Nov 13, 2013, 03:17 AM Registered User Joined Sep 2013 6 Posts What decides the Maximum Current Draw? Hi, If a motor is connected to an ESC that is rated for more than the motor requirement then what decides the maximum current that will be drawn by the combination? Let me clear it up with an example: Suppose I have an ESC rated for 50Amps and a compatible motor rated for 20 Amps Max now as we know ESCs control max current based on the width of pwm pulse they receive on their signal input or in other words they allow current as commanded by throttle channel. so now if I move the throttle to max would the ESC dump full 50 Amps to the motor (Obviously burning it ) or would it limit it to 20Amp (As defined by winding resistance of the motor)? So far I have a feeling the no matter how much you increase the throttle the max current draw depends on the maximum current draw by motor and not by max rating of the ESC. But I don't want to burn up my motor verifying it! does anyone know ?
 Nov 13, 2013, 03:35 AM Wake up, feel pulse, be happy! United States, AK, Fairbanks Joined Aug 2009 11,814 Posts Neither. The current drawn by the motor depends on the shaft load (prop) and input voltage. Current is never "pushed" through a system. The ratings you see (e.g. 50A ESC, 20A motor) are just ratings. They tell you how much current you can safely pass through the device without burning it out. They do NOT tell you anything about how much current will actually flow. You might have an ESC rated for 50A and a motor rated for 20A, but with no load on the shaft you might see a peak current of only 0.75A. Conversely, if you hold the motor's shaft still, the current might be hundreds of amps, immediately burning out the motor, ESC, or both. The actual winding resistance of a motor is extremely low; the motor's induced back voltage is what results in the net drop (and hence current draw) being low under a no-load condition and very high when the load is large. A greater load forces the motor to spin more slowly, reducing the back voltage relative to the input and increasing the current draw.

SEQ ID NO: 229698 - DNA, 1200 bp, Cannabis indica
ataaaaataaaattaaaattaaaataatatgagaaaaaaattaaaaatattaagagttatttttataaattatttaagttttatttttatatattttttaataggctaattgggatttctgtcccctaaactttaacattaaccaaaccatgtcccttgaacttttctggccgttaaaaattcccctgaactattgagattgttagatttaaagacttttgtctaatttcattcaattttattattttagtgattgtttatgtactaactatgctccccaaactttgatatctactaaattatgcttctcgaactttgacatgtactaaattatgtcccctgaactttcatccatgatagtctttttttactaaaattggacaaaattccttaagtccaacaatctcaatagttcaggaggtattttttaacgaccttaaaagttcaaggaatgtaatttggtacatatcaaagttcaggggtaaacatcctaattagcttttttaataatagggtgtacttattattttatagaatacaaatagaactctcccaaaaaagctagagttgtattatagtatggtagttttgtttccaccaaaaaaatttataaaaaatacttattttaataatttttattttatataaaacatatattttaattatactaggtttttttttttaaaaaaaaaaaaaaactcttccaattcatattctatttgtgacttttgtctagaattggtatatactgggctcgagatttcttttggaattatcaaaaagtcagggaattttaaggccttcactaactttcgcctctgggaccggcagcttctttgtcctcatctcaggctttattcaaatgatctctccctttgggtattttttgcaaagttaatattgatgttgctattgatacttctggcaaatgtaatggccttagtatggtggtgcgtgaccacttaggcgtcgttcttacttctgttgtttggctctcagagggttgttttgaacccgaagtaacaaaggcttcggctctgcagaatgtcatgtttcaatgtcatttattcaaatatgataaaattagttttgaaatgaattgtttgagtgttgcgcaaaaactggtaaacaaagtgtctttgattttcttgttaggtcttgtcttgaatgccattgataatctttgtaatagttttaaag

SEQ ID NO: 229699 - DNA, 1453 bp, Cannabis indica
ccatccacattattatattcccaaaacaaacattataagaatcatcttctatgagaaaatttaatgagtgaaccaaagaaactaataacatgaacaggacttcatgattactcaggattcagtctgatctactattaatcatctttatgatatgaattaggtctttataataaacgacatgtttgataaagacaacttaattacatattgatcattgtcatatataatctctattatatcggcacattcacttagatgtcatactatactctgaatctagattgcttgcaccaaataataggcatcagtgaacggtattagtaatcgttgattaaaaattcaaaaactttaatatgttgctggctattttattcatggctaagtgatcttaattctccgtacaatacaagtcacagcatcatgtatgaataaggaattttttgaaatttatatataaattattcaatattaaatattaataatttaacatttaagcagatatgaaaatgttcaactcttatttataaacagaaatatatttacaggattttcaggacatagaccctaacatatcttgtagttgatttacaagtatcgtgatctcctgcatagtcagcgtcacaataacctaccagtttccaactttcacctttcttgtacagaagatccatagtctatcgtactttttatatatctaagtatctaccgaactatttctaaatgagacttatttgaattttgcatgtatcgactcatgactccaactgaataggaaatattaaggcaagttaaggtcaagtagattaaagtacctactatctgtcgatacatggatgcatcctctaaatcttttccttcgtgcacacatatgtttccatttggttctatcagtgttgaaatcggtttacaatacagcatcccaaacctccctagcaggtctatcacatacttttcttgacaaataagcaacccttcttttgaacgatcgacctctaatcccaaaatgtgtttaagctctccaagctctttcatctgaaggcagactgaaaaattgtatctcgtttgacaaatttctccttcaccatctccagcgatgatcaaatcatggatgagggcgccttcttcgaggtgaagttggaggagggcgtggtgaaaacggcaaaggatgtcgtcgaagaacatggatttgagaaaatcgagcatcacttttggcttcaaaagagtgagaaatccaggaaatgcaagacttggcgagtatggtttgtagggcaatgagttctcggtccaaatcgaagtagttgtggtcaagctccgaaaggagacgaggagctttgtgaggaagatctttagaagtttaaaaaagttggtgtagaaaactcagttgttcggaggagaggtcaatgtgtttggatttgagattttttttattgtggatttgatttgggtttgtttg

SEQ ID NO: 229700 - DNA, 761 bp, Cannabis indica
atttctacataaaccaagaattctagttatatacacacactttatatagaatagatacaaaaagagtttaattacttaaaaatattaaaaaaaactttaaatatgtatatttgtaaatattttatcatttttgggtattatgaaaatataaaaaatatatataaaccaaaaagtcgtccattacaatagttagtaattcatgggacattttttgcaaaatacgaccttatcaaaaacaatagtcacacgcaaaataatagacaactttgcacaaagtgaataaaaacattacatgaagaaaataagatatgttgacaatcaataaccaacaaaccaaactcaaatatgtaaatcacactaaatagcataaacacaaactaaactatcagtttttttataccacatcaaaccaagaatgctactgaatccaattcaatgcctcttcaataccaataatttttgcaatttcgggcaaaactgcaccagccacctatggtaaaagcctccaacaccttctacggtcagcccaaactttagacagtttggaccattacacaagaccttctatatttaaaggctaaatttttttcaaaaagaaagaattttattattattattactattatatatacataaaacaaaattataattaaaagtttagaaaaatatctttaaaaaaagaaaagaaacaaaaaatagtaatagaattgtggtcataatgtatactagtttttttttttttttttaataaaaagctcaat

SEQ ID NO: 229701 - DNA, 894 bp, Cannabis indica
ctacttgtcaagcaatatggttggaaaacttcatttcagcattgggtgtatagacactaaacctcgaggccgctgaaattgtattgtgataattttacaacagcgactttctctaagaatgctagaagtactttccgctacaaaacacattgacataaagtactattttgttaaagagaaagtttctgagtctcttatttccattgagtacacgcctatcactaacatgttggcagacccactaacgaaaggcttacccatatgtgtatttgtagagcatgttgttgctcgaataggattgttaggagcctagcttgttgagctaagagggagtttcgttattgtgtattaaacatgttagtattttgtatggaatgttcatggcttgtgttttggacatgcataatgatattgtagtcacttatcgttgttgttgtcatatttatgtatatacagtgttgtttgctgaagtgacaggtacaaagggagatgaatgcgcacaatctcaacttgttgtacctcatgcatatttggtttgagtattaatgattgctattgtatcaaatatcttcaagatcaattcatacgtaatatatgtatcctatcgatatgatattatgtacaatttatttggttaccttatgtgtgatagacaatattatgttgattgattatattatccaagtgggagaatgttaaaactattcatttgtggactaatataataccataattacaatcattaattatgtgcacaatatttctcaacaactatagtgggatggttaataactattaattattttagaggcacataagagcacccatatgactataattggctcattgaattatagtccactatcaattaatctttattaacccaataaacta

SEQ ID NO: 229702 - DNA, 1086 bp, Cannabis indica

Nov 13, 2013, 06:13 AM
Registered User
Joined Sep 2013
6 Posts
Quote:
 Originally Posted by C₄H₁₀ Neither. The current drawn by the motor depends on the shaft load (prop) and input voltage. Current is never "pushed" through a system. The ratings you see (e.g. 50A ESC, 20A motor) are just ratings. They tell you how much current you can safely pass through the device without burning it out. They do NOT tell you anything about how much current will actually flow. You might have an ESC rated for 50A and a motor rated for 20A, but with no load on the shaft you might see a peak current of only 0.75A. Conversely, if you hold the motor's shaft still, the current might be hundreds of amps, immediately burning out the motor, ESC, or both. The actual winding resistance of a motor is extremely low; the motor's induced back voltage is what results in the net drop (and hence current draw) being low under a no-load condition and very high when the load is large. A greater load forces the motor to spin more slowly, reducing the back voltage relative to the input and increasing the current draw.

So how much throttle should be safe to apply?
100% 80% or 60%?
 Nov 13, 2013, 07:43 AM WAA-08 THANK FRANK! Las Cruces, New Mexico, United States Joined Jun 2002 6,721 Posts -54%. No more, no less.
Nov 13, 2013, 09:27 AM
Jack
USA, ME, Ellsworth
Joined May 2008
15,601 Posts
Quote:
 Originally Posted by allahjane So how much throttle should be safe to apply? 100% 80% or 60%?
The key signal if you have no other instrumentation is the temperature of the windings. The rate at which the temperature rises, and the peak temperature, will vary with the load (i.e., the size of the prop).

So if you put a prop on and go to full throttle for 10 seconds, then check for heat with a finger, you can get a feel for how much of a load you are putting on the motor. The best place to check is the back plate of the motor as the heat from the windings will go into the bearing tube and then the back plate.

Keep doing progressively longer tests (10s, 20s, 30s, etc.) and when you get to the point where you cannot keep your finger in contact with the base plate because it is too hot (that will be about 130F/54C) that is about as hot as you want the motor to get. And it will not have been damaged yet.